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  “The last thing she had thought was that she would have a future that was about illness, abnormality, being different. ” Anne-Pia Nygård, What Nobody Sees page 122  
 
A talented family
  illustration from What Nobody Sees  
  The illustrations for Anne-Pia’s book were drawn by her uncle Harald Nygård. He features in the book on page 18:  
  Aunt Grete is married to Dad’s older brother Harald. They have three children: Christine, Heidi and Linda. At home with Grete and Harald’s family in Oslo, Mum and her two-year-old can relax. No need to think about needles and pain, all the waiting or what is going to happen next. Aunt Grete and Uncle Harald’s house is full of animals. Budgies, dogs and rabbits. The perfect distraction.  
  Harald Nygård is a portrait artist of some distinction who works with witnesses to produce portraits of unidentified people for police use, either constructing them from scratch or altering known portraits to produce changes in their appearance such as growing a beard or aging. In addition Harald undertakes commissions for various newspapers and is a court illustrator, drawing the protagonists in courtrooms where photography is not permitted.  
  What Nobody Sees
Anne-Pia was born with curvature of the spine and spent most of her childhood in and out of hospital. She underwent numerous operations, but various accidents, unforeseen problems and, yes, medical mistakes, meant that she lost the use of her legs.
By the age of ten she was in a wheelchair. What Nobody Sees is her account of her life so far.

What makes the book so special is Anne-Pia’s unsparing ability to draw her readers inside her own experiences. Many are the embarrassments and confusions of childhood which we all remember, but these are exacerbated by Anne-Pia’s unique challenges.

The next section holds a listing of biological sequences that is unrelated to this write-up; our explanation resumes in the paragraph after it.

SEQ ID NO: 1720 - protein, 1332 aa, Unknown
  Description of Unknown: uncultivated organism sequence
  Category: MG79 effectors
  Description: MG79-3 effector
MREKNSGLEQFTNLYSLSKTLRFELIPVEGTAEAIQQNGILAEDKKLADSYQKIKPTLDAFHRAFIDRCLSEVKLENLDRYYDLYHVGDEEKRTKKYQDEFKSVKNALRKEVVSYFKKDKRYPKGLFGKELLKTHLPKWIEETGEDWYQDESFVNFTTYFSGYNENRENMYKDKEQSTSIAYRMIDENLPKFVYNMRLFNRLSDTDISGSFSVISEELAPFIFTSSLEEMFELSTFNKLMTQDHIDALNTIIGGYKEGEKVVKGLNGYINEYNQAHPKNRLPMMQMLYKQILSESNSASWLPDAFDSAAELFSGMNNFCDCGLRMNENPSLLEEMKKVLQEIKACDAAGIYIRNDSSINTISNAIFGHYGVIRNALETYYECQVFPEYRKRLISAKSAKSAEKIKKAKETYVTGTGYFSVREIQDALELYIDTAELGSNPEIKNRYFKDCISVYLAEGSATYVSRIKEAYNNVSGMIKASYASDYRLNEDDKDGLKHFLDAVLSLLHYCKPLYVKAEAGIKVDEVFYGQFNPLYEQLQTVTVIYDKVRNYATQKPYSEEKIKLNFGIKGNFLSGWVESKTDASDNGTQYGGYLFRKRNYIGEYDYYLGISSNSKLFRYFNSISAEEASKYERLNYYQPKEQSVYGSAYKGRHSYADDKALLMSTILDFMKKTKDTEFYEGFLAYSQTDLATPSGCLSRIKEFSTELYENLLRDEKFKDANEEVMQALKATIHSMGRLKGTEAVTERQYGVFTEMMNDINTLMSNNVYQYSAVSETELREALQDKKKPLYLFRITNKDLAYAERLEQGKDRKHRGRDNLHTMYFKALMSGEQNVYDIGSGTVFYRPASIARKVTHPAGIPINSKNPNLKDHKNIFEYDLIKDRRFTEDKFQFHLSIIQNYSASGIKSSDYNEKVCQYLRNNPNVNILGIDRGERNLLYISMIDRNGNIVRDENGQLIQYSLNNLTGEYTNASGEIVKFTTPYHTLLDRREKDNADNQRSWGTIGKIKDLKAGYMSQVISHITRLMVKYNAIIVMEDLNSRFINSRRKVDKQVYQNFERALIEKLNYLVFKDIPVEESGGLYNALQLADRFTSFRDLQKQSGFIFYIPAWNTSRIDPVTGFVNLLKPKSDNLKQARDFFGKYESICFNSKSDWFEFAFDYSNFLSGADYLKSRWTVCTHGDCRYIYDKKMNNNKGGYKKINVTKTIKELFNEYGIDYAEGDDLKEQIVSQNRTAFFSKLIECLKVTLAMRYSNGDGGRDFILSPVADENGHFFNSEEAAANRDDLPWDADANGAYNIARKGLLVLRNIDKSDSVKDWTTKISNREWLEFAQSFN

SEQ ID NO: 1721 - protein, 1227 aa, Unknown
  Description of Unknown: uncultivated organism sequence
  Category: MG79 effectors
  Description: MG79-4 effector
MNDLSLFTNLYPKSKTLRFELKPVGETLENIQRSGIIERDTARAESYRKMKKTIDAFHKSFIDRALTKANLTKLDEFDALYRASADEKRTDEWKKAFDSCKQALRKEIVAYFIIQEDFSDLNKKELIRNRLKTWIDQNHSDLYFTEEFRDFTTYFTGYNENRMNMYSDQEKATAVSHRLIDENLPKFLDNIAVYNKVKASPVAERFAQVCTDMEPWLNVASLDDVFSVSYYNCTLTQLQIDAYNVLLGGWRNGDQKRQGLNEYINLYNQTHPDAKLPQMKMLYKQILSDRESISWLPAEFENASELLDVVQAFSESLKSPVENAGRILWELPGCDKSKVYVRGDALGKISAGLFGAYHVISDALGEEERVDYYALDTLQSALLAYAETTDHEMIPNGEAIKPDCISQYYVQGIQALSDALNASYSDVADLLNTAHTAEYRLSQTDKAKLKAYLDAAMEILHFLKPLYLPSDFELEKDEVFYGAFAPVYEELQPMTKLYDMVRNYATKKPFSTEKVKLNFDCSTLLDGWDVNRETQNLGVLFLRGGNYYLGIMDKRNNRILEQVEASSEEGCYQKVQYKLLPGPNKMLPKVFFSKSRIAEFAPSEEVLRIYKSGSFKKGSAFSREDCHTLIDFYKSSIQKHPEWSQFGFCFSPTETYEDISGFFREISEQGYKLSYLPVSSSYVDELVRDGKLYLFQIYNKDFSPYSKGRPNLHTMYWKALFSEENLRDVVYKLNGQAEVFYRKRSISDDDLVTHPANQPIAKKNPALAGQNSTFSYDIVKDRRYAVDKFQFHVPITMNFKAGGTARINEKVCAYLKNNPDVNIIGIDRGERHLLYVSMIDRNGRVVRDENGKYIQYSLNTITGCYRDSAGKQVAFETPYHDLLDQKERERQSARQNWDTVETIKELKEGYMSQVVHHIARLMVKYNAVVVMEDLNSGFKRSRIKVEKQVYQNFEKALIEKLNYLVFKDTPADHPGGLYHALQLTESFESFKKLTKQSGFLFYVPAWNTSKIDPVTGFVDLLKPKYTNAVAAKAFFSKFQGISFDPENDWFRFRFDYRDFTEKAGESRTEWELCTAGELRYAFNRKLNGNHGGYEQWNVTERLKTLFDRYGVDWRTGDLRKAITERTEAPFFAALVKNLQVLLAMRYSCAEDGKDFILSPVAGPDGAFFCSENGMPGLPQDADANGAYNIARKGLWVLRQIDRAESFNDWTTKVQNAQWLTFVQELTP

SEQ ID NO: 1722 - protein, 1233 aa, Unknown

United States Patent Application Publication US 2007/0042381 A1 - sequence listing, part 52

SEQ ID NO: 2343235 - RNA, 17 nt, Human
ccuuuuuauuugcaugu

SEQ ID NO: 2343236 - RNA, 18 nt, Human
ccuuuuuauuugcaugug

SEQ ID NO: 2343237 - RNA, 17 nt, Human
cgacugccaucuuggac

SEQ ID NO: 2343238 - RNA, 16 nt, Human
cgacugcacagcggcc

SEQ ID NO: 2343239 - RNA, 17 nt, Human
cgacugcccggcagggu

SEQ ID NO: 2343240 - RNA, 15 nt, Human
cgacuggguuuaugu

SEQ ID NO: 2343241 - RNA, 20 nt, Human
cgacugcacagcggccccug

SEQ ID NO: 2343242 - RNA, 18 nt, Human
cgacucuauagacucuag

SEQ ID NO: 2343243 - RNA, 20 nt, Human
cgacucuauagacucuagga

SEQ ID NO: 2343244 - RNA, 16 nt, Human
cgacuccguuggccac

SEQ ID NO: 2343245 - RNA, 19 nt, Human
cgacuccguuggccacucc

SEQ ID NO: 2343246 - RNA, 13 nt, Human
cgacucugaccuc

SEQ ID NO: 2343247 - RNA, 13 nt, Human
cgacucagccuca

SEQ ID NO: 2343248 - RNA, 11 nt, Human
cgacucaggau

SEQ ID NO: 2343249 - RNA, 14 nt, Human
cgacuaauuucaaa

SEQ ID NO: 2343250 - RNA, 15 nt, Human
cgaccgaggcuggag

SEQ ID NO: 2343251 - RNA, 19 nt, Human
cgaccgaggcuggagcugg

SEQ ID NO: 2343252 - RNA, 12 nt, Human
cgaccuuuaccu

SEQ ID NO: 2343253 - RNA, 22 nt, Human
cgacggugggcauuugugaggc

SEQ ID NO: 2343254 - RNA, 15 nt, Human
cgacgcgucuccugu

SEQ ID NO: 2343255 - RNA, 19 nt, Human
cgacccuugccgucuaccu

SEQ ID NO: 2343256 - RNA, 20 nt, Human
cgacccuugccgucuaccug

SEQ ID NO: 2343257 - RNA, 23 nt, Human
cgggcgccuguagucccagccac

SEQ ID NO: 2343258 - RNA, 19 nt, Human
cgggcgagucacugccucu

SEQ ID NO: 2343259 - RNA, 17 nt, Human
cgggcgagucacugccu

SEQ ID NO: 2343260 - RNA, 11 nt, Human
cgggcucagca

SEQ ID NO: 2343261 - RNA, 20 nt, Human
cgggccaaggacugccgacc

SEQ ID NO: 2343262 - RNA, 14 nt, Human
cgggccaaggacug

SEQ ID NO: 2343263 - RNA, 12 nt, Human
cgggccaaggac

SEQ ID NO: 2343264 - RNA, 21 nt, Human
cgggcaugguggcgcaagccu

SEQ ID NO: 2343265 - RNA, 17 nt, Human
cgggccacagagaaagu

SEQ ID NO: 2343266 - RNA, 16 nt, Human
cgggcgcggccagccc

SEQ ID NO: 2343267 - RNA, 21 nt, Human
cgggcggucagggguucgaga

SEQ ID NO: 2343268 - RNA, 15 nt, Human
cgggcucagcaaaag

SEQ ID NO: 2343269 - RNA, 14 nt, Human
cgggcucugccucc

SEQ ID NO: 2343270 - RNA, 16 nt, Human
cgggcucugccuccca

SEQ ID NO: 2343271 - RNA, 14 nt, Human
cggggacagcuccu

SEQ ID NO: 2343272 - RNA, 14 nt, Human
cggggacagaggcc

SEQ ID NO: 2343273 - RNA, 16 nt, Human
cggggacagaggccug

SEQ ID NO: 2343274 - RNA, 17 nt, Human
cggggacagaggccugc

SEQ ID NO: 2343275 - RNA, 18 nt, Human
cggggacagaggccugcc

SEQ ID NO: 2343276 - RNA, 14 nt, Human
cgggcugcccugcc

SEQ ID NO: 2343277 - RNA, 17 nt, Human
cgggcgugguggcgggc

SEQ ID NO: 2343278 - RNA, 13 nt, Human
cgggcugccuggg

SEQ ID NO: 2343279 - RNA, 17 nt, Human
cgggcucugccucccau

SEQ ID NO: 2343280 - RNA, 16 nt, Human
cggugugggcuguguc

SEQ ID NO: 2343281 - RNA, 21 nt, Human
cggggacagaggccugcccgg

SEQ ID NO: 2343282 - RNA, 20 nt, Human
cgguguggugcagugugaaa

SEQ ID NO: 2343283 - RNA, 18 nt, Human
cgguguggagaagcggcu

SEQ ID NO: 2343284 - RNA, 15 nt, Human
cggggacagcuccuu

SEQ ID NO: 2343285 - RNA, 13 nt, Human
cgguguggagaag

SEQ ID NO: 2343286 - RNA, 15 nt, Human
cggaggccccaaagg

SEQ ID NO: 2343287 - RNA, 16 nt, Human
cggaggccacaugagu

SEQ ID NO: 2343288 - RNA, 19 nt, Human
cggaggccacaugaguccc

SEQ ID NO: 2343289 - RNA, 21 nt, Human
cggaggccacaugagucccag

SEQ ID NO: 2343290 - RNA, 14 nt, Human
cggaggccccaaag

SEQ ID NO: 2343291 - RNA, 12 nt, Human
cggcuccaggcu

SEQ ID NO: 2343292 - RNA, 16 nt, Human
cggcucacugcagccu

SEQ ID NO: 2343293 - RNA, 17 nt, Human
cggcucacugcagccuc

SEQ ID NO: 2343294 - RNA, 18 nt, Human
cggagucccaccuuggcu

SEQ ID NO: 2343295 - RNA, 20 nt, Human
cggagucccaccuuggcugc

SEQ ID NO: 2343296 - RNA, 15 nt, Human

It would perhaps have been easier for Anne-Pia to bemoan her fate and resign herself to doing without many of the experiences which make life fun. But she’s a fighter. She wanted a career, an independent life, a home, a partner. Never sentimental, she writes in the third person which allows her the objectivity to comment even on her own sufferings:

Adelaide Lubbock

On the outside she manages to be the smiling and always-positive, brave girl, but gathering inside there is a lot of pain that won’t let go and, at the same time, won’t let her tell anyone. She has always managed to cope with these thoughts before, hasn’t she? She will manage now too.

What Nobody Sees is Anne-Pia’s comment not only on the pain and humiliation of her medical condition, but also on her efforts and determination to discount it wherever possible:

I know what it is like to use legs. Once upon a time
I could walk. I am now just a statistic. A stigmatized and categorized person. ‘The disabled…’ That’s me. ‘The disabled feel discriminated against…’ That’s me. ‘The disabled have a lesser quality of life than others…’ That’s me. …But first and foremost I am Anne-Pia.


This is an astonishing book. Unlike anything Loaghtan Books has published before, as soon as we read it we knew we had to bring it to as wide an audience as possible.


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